Then in July/August 2022 I had a problem where my motor would intermittently cut out which made the bike pretty difficult to ride, it was very jarring and it took a long time to diagnose the problem. Every electrical test the bike shop did passed with flying colours, and it worked fine when bike-shop-guy rode it and we were very confused. The ebike, like all legal electric bikes in the UK, is pedal assisted. If you don’t pedal the motor doesn’t work. It was as if there was a problem with the sensor but the tests of the centre were fine. Eventually bike-shop-guy worked out the sensor was hampered by mud! Cleaned up and it’s been fine ever since. I can’t say I’ve been any better at keeping the bike clean or out of the mud but at least if it happens again I know where to look first!

I put a break in the goal over winter 2022/2023, represented by the flat section of red line. By this time I’d proven to myself that the bike had been worth the investment and I was definitely going to keep riding it but I didn’t feel that forcing myself to ride in the rain and ice of the winter was actually what I wanted. The way Beeminder works is that you can always change your goal with at least a week’s notice. So this-week you is always trying to keep up with what last-week you thought you were capable of. You can’t lock yourself in for a long time and you can always just pay the tax if last-week you set her sights too high.

As such when my original goal date of March 2023 came around I hadn’t quite met the original “ride my ebike sixteen times as much as my old bike” goal but I was pretty close to it and the way that the goal can flex to circumstances meant that I still felt like I’d achieved something worthwhile. It’s fun watching your own progress on a graph so I decided to keep the goal going.

I nearly derailed again in the middle of 2023, with this-week me realising just in time that next-week me wasn’t going to manage to meet the goal. I was busy moving house at the time which wasn’t leaving as much time as I’d have liked for riding my bike for fun.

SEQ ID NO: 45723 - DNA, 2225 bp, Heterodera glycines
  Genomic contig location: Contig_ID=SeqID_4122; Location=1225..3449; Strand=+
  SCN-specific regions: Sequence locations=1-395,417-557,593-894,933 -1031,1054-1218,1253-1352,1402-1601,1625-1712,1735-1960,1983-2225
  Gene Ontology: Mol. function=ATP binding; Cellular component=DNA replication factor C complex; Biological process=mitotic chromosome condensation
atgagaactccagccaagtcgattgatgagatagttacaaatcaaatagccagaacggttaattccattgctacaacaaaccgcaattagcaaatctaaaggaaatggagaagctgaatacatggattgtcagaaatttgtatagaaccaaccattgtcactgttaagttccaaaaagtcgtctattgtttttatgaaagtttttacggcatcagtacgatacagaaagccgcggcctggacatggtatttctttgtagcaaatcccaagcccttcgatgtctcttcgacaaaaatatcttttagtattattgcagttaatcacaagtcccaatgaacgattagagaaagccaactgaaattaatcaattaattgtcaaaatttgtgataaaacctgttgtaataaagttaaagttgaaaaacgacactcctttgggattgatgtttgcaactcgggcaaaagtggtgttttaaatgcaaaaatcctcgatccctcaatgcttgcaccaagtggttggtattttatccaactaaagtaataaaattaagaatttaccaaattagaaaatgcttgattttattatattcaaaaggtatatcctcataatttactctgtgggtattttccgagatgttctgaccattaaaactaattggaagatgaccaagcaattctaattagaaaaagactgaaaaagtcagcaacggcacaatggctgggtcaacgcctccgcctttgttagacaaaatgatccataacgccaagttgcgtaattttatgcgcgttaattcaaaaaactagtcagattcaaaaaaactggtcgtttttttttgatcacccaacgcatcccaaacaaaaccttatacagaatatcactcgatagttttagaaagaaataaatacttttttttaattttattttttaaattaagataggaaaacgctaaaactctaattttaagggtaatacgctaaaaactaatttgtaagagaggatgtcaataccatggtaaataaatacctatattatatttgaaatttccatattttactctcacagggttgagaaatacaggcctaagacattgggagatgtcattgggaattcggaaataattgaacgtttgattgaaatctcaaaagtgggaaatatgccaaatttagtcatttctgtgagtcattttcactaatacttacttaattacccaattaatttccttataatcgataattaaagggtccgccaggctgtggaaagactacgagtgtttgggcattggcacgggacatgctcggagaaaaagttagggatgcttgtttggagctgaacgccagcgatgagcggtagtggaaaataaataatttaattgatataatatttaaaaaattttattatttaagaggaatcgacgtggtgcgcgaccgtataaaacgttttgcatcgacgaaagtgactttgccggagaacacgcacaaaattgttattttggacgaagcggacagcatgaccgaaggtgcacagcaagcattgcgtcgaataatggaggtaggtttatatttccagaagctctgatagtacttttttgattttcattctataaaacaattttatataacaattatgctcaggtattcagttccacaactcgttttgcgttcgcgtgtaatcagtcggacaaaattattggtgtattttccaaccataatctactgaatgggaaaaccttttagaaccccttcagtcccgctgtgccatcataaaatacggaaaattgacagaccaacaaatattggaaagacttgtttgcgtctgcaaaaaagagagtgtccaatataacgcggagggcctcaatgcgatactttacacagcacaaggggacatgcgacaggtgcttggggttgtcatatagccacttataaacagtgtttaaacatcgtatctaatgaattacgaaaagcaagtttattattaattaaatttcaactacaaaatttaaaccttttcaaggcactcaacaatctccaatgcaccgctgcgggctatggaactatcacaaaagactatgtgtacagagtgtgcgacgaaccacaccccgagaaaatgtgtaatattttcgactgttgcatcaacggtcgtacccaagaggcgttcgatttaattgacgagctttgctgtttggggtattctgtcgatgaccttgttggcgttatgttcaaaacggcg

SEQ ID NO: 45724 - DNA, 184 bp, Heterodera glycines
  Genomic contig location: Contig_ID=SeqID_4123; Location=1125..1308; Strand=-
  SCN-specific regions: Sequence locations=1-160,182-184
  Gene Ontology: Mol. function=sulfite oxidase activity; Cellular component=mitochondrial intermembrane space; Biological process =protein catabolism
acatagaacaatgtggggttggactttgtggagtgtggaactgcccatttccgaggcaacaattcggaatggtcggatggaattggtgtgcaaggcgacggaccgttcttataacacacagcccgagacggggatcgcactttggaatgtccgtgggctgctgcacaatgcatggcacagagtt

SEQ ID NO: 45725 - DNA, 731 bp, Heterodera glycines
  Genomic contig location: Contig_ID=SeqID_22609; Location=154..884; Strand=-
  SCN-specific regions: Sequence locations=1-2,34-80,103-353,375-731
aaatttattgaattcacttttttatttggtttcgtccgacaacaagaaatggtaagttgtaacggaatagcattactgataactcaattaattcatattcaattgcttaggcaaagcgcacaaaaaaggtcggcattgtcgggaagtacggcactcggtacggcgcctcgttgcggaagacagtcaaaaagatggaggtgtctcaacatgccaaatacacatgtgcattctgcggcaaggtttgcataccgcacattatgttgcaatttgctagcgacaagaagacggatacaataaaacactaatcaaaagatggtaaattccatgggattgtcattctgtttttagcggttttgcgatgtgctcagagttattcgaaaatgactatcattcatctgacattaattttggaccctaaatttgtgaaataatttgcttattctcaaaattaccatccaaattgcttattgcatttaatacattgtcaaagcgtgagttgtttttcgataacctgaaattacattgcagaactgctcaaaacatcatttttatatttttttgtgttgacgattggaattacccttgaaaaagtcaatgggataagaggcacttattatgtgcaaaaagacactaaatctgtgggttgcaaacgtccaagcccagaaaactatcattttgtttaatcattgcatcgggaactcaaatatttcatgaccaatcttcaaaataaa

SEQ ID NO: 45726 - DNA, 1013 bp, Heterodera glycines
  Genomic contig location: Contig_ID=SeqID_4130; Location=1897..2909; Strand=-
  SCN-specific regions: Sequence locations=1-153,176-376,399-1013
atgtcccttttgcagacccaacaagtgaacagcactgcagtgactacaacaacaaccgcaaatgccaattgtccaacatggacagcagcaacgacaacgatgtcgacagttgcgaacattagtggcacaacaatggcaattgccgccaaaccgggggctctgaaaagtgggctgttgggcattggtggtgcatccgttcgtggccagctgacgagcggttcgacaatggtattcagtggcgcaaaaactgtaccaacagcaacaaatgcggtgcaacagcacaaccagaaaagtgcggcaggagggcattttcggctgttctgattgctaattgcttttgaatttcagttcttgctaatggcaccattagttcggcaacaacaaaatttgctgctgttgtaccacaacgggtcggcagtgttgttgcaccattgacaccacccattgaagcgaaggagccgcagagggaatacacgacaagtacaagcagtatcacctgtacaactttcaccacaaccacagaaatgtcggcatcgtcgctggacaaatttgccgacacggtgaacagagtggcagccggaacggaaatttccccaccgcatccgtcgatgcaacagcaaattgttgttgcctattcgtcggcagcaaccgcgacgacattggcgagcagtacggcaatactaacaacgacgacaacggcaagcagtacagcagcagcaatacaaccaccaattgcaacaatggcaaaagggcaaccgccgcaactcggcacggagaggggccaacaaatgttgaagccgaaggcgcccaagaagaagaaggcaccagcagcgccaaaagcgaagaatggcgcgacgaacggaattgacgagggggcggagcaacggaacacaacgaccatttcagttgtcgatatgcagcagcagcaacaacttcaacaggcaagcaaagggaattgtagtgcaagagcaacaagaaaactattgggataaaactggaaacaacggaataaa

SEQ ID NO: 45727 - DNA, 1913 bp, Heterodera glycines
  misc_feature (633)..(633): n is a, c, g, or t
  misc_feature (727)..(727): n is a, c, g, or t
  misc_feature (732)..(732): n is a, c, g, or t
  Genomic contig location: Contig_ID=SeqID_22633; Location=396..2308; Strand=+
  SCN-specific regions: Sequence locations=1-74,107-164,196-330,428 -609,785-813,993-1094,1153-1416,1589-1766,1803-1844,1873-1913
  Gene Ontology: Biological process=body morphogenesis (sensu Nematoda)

One of the driving factors behind the house move though was that I wanted to live somewhere where riding my bike for everyday utility trips was the easiest thing, easier than driving. And that’s definitely been true. I’ve ridden my bike a lot more this winter, I have been for a few long rides but the increase in mileage has been down to trips to the supermarket, to the library, to the pet shop etc. Sometimes it’s tempting to take the car but I’ve found I can get a surprising amount of stuff onto the back of the bike and when I do take the car I get stuck in congested traffic wish I was riding my bike.

So I think I’ve paid just $10 to Beeminder to help keep me on track over 3.5 years which seems an entirely reasonable amount for the amount of push it’s given me to get out riding and enjoy my bike. The goal is currently set at a 50km/week rate and, as you can see from the graph, I’ve got 82 days of buffer. I’m going to go and increase the rate and reduce the buffer away as next-few-months me is looking forward to a summer of riding. I think the next 1000 miles might be my fastest2 yet.

My first draft of this post ended here. But then I got hit over the head by the realisation that if I want the next 1000 miles to be the fastest yet how can I make that come about? I change the Beeminder goal up so that that’s my new goal! So 1000 miles is 1609 km, and if I want to do that in less than 6 months how about 20 weeks for a target? So I’ve just upped the goal to 80km/week which is a bit more than I’ve been riding recently but also the northern-hemisphere’s winter is receding and I should be able to take advantage of better weather over the next few months. The time is right to push again. It’s not a challenge if it’s too easy. But it’s also not a challenge if I make it impossible though so even though I’ve removed some of my safety buffer again I’ve kept three weeks in hand, which feels like a reasonable amount to have in hand to deal with any problems as by now I think it’s fair enough to expect something to go wrong. So the goal now looks like as below, with the red line taking a jump and a turn upwards at the end.

Now, I have riding to do!

Beeminder goal graph


  1. Beeminder’s a service where you stick to what you say you want to do or you pay them. E.g. if you don’t want to eat too many cakes, tax yourself by making the third cake you eat each week cost $5 more. I know that many people’s visceral reaction is that they wouldn’t pay someone to make them stick to something but it’s the way that pretty much any coaching set up works really. It works really well for aligning my personal mix of stubbornness and procrastination so that I do the things I really want to in the long term rather than the thing that’s most attractive at the moment. Somehow even a $0 tax works, I do not understand psychology!

  2. As in I’m hoping to hit 6000 miles before September 2024, even with motor assist I’m not a fast cyclist nor trying to become one. I’m a stop-and-look-at-the-view person. 3

  3. And this post has been a good opportunity to stop and metaphorically look at the view from 5000 miles and how I got here.